The day after the event, the masses and a unit of the NPA cleaned up the whole village. In a matter of four hours, everything was back to its proper place—save for Ka Parago’s standee and the huge hammer-and-sickle lantern. “We did not expect the event would be this grand. But, kaya man diay (We made it), with the guidance of the comrades from the Party and the people’s army,” Ka Manding exultantly remarked.

Ka Tien, the political officer of the Pulang Bagani Battalion (PBB) and Ka Led, the event’s production manager, attributed the success of the celebration, specifically the masses’ active participation to the years of painstaking organizing and consolidation work in the district, initiated by the Party and the PBB led by Ka Parago. Both claimed they were “standing on Parago’s shoulders.”

Ka Jose, a long-time organizer in the district, acknowledged that he doubted for a moment the movement’s future after Ka Parago was slain. “But we realized there are many Ka Paragos in the Party and in the NPA. The years of hard work by comrades have paid off,” he said.

Soon after Ka Parago’s funeral march through Davao City to his final resting place, the masses and their revolutionary mass organizations were in fighting form again, mindful that many tasks lie ahead. “We have become more conscientious because we cannot fail our slain leader and the martyrs of the revolution,” Ka Jose stressed.


People’s war leads to JUST peace

The Davao City celebration was the center of the nationwide observance of the CPP 48th anniversary. CPP founding Chairperson and NDFP Chief Political Consultant Jose Maria Sison  addressed the crowd through a video message. NDFP Negotiating Panel Senior Adviser Luis Jalandoni, panel member Coni Ledesma, NDFP peace consultants Concha Araneta, Porferio Tuna and Eduardo Genelsa, did not only lead the panel of program speakers, they also freely and happily mingled with the masses and the NPA fighters, indulging them with photo-op sessions.

Across the country, the deepening and widening strength and influence of the revolutionary movement was manifested in various guerrilla fronts. Tens of thousands of people and the NPA fighters raised the CPP flag and waved the banners of the NDFP and its allied revolutionary organization as a tribute to the Party’s leadership in the Philippine revolution.

While the masses voiced out their support for the peace negotiations, the 48th anniversary celebration was also an occasion for them to manifest their rage against the failed promises of the Duterte administration, specifically its failure to release all political prisoners through general amnesty. The masses had expressed their desire for the NPA to end its unilateral ceasefire in the face of the escalating attacks by the Armed Forces of the Philippines (AFP) and the Philippine National Police (PNP) against them and their communities.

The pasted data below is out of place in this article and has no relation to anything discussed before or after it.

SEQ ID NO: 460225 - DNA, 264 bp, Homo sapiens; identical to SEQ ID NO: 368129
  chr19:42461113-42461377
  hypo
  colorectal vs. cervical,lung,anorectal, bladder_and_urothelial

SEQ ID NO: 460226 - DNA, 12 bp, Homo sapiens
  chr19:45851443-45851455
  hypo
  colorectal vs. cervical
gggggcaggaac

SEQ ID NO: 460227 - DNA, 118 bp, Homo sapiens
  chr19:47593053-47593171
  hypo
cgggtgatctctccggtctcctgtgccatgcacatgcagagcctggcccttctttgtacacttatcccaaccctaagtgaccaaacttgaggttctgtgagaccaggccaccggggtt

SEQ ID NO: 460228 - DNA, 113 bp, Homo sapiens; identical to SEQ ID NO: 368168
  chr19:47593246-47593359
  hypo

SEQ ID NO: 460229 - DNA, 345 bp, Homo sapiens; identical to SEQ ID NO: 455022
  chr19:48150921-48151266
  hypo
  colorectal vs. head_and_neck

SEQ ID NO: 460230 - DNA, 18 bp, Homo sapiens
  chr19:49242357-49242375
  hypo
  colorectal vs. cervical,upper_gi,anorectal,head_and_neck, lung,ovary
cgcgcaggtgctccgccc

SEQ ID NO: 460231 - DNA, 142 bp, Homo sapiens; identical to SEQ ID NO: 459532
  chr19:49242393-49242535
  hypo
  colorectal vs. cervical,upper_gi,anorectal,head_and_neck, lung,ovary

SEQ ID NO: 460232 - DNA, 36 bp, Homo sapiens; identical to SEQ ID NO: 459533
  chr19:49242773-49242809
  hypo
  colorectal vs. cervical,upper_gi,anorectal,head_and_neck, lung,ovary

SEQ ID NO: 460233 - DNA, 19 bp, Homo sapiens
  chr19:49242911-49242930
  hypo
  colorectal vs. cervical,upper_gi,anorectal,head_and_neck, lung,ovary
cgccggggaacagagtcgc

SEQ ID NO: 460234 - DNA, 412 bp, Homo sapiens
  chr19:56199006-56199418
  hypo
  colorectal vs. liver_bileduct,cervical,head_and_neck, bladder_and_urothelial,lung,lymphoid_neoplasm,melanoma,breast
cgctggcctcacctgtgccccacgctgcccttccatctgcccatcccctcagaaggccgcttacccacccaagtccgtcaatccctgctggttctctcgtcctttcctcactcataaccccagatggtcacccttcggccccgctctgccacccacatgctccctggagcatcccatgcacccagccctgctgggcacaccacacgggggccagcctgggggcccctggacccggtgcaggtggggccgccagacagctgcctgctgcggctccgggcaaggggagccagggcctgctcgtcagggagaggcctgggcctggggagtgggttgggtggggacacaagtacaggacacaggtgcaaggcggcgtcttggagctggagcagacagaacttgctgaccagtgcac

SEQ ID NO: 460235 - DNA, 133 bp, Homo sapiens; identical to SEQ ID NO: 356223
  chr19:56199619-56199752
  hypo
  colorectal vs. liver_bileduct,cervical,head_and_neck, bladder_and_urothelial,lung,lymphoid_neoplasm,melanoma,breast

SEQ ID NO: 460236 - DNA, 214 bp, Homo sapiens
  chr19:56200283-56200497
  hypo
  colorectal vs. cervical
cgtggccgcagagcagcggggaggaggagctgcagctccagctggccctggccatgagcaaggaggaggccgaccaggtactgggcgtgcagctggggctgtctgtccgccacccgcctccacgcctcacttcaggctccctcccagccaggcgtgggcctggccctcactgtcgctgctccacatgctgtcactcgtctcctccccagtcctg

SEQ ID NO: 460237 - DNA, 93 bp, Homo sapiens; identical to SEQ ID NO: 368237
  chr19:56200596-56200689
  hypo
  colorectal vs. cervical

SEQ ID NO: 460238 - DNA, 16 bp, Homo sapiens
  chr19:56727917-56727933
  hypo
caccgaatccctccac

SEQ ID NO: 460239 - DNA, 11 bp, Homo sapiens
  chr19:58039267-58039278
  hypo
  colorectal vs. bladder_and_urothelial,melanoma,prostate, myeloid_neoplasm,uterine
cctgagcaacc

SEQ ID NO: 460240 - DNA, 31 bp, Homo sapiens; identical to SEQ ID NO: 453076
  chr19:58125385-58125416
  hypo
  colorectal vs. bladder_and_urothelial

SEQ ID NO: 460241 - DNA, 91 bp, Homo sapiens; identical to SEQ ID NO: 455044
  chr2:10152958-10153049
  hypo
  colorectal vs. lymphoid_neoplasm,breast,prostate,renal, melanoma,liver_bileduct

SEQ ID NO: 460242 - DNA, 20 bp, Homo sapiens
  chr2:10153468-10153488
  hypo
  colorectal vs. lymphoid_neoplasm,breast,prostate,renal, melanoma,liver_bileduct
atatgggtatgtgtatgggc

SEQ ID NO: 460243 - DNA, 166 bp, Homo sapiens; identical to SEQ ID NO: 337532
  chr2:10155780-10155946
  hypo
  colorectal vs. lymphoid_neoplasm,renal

At bottom, the celebration of the 48th anniversary of the CPP was a pledge to continue to raise the people’s war to greater heights towards achieving genuine and lasting peace over the long haul, while building up revolutionary gains that benefit the people. Across the country, the slogan “people’s war is for people’s peace” reverberated.


Victory for the masses

Many take up and vigorously echo the call. The sound of the numerous voices of the masses is indeed contagious, inspiring and invigorating.

“Daghan man diay ta, dili lang diay kami ang nakigbisog, (I realized there are many of us. We are not alone in this struggle),” said one resident of Bgy. Lumiad. The visitors and the host communities drew inspiration from each other to push forward the people’s war and face down enemy threats.

“Pagkakita nako sa mga tao, kit-an gyud nako na mudaug gyud ang rebolusyon. (When I saw the crowd, I knew the revolution would be victorious. No doubt the masses will triumph),” he gushed.

PKM: Wellspring of the NPA

in Mainstream
by Leon Castro

The new Rodrigo Duterte government has declared it will uplift the lives of peasants with policies and programs aimed at eliminating injustices that have bedeviled the biggest sector of the country.  It has promised to provide free irrigation, return the stolen coconut levy funds to the millions of farmer-victims, and offer support services to farmers to improve their harvests.

To demonstrate and give substance to this commitment, President Duterte appointed veteran progressive peasant leader Rafael ‘Ka Paeng’ Mariano, former chairperson of the Kilusang Magbubukid ng Pilipinas, as Department of Agrarian Reform secretary.  In turn, Mariano pledged to work for the free distribution of tillable lands to the farmers, stop the widespread ejection of poor farmers who cannot afford to pay land amortization, and push for the legislation of a genuine agrarian reform law.

But, despotic landlords are expected to resist and sabotage these promised reforms. Mariano is their avowed enemy after all.  Ergo, meaningful reforms—such as land redistribution, wage increases for farm workers, and utilization of agricultural lands for sustainable food production—will still largely depend on the revolutionary struggle of the peasants to effect genuine changes.


How the PKM developed

The Pambansang Katipunan ng mga Magsasaka (PKM or the National Assembly of Farmers) is the revolutionary organization of peasants and a founding allied organization of the National Democratic Front of the Philippines.  It has been fighting for much more than what is now being promised by the Duterte government.  PKM is the main organization, and along with the New People’s Army (NPA), forms the revolutionary mass bases in the countryside for the 48-year old national democratic revolution.  It unites peasants, mostly poor and middle class farmers and farm workers, and guides them in their fight for agrarian revolution and related reforms.  From its ranks have come the most number of Communist Party of the Philippines (CPP) and NPA members.